November 11, 1889 – Washington Joins the Union as the 42nd State


Washington was originally the western part of the Oregon Territory, but in 1852 its residents first petitioned Congress for a new territory called Columbia. Eventually, after a number of petitions, Congress granted statehood, but when it finally did so, it changed the name to Washington to honor the first President. A major sticking point had been that Democrats in Congress feared that granting statehood to western territories would increase the number of Republicans in Congress. When Benjamin Harrison, an Indiana Republican, won the presidency, bringing on his coattails a Republican majority, the territory was finally successful in its appeals. On this day in history, President Benjamin Harrison signed a proclamation declaring Washington to be the 42nd state in the Union.


Today, Washington is known for being the headquarters of some of the world’s most influential companies, including Boeing, Microsoft, and Starbucks.

Approximately 60 percent of Washington’s residents live in the Seattle metropolitan area. The city is known for its quirkiness; there is a giant troll under one of the city’s main bridges, a giant statue of Vladimir Lenin, a mass transit project called the SLUT — the South Lake Union Trolley, and on Thanksgiving, the pardoning of a vegetarian Tofurky instead of a turkey.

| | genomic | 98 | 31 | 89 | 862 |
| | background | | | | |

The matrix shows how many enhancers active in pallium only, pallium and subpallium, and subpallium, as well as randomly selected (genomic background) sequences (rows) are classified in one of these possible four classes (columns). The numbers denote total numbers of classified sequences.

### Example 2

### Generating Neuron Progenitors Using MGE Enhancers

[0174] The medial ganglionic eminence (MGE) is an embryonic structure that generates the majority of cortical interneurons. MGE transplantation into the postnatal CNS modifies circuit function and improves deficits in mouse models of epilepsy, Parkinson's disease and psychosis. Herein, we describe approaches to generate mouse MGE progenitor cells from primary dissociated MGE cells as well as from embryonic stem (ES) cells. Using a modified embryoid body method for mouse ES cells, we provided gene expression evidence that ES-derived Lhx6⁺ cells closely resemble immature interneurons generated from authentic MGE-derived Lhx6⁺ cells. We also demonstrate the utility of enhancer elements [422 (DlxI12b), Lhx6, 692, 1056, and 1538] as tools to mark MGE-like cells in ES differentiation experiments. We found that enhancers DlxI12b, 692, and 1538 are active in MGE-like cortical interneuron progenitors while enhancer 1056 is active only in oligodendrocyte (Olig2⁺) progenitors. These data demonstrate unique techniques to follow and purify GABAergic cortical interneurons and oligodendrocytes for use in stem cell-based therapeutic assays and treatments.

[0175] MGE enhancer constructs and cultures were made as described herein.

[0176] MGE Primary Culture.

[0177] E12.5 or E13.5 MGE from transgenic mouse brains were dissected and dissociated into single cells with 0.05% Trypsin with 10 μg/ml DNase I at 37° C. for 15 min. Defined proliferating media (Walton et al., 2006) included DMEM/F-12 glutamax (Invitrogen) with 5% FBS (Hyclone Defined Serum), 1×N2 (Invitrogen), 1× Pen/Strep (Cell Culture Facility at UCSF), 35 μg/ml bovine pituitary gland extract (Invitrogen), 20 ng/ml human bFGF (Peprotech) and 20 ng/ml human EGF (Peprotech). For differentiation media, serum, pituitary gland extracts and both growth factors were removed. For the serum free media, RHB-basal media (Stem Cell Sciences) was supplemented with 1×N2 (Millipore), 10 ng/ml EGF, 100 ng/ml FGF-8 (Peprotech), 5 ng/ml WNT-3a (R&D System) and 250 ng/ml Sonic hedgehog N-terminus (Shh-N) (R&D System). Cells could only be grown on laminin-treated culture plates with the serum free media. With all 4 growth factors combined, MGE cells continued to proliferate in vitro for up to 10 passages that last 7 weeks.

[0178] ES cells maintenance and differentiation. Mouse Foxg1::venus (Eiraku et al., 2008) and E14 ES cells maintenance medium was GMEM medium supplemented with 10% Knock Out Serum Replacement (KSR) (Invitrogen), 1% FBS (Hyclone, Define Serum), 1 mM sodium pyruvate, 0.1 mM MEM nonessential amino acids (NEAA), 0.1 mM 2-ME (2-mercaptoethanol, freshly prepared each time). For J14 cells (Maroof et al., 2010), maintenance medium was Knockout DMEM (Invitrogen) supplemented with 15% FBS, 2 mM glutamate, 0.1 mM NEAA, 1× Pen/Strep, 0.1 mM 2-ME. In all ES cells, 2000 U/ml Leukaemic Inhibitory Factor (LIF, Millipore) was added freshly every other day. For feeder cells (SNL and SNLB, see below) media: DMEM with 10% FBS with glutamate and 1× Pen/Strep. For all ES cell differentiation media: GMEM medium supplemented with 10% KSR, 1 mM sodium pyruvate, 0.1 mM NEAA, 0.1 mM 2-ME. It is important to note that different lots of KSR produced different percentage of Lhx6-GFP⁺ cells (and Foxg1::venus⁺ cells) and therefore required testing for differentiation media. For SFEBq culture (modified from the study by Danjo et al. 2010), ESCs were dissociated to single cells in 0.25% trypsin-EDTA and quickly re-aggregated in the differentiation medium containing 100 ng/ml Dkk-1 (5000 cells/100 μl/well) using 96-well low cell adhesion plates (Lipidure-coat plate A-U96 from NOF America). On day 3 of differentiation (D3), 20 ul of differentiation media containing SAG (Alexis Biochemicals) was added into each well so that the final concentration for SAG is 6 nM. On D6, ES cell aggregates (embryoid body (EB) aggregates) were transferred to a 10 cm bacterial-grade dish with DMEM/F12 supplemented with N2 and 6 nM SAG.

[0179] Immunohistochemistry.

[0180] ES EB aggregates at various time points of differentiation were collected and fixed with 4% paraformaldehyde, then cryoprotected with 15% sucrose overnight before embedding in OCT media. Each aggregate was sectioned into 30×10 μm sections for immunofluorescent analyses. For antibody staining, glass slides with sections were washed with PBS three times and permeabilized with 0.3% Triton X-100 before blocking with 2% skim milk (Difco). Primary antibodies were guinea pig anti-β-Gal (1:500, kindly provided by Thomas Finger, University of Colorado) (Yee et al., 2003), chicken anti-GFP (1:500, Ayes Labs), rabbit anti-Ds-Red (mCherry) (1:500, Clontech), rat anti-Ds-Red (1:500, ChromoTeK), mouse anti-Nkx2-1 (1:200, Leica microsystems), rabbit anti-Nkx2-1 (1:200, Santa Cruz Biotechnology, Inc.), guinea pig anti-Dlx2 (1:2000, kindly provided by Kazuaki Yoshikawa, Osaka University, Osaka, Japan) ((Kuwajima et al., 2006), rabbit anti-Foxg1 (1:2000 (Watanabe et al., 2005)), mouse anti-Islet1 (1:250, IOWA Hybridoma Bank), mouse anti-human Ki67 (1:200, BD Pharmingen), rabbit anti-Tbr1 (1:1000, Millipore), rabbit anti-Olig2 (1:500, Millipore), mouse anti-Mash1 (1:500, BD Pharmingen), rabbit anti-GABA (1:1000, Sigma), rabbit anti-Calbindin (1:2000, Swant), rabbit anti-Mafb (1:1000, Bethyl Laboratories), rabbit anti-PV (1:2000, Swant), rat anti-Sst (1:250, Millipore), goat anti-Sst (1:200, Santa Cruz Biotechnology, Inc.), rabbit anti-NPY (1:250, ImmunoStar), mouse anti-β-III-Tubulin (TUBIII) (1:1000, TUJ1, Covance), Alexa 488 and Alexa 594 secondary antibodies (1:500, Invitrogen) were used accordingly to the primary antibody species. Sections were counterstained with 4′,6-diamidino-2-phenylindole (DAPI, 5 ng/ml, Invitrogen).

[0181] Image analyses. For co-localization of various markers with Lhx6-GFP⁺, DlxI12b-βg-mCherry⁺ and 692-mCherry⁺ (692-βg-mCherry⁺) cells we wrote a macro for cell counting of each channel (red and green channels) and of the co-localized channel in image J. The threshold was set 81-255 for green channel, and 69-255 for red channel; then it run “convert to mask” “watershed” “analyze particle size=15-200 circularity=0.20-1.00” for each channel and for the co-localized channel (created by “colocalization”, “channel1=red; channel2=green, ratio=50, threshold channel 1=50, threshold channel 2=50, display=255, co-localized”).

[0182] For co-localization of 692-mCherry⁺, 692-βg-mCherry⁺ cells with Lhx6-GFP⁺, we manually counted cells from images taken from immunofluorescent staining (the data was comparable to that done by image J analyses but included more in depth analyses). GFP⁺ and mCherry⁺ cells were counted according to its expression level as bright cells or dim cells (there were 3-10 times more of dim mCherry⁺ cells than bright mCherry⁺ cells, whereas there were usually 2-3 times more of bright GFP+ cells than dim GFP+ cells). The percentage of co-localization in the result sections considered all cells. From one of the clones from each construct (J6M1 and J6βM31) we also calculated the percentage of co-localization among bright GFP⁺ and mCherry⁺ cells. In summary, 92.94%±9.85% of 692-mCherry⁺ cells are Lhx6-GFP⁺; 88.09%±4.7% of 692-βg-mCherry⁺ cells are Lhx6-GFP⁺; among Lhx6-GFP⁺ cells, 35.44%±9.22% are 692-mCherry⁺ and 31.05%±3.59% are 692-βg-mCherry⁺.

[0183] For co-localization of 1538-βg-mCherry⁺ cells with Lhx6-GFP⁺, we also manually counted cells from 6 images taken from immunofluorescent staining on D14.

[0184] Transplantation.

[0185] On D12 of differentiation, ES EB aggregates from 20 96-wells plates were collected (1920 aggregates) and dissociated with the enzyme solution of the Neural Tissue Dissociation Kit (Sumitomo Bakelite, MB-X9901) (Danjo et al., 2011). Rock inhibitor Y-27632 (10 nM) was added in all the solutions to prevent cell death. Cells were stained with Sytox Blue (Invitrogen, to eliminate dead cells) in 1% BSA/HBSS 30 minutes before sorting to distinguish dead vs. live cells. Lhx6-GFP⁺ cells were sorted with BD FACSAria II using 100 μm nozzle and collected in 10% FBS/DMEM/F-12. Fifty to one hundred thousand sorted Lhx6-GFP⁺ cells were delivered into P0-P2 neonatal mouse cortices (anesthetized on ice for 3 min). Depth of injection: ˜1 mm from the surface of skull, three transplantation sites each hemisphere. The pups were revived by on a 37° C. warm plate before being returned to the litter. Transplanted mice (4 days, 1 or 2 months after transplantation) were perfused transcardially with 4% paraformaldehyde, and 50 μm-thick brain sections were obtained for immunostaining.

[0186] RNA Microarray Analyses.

18-ft. tall troll under the Aurora Bridge, sculpted in 1990 by 4 Seattle area artists

18-ft. tall troll under the Aurora Bridge, sculpted in 1990 by 4 Seattle area artists

In 2007, the Walla Walla sweet onion was designated as the official vegetable of the state of Washington. Grown in southeastern Washington since about 1900, the Walla Walla sweet is the only variety on the market that is not a hybrid, claims the Walla Walla Sweet Onion Marketing Committee. Continuing the rivalry with Oregon, the Walla Walla is also grown in northeastern Oregon. If you’ve ever had one, you’ll know what the fuss is about.  

sweet onion 8 

But all is not sweetness and light in Washington. On May 18, 1980, Mount St. Helen’s erupted, losing 1,131 feet of elevation. The blast leveled over four billion feet of timber and resulted in 57 deaths and billions of dollars in damage.



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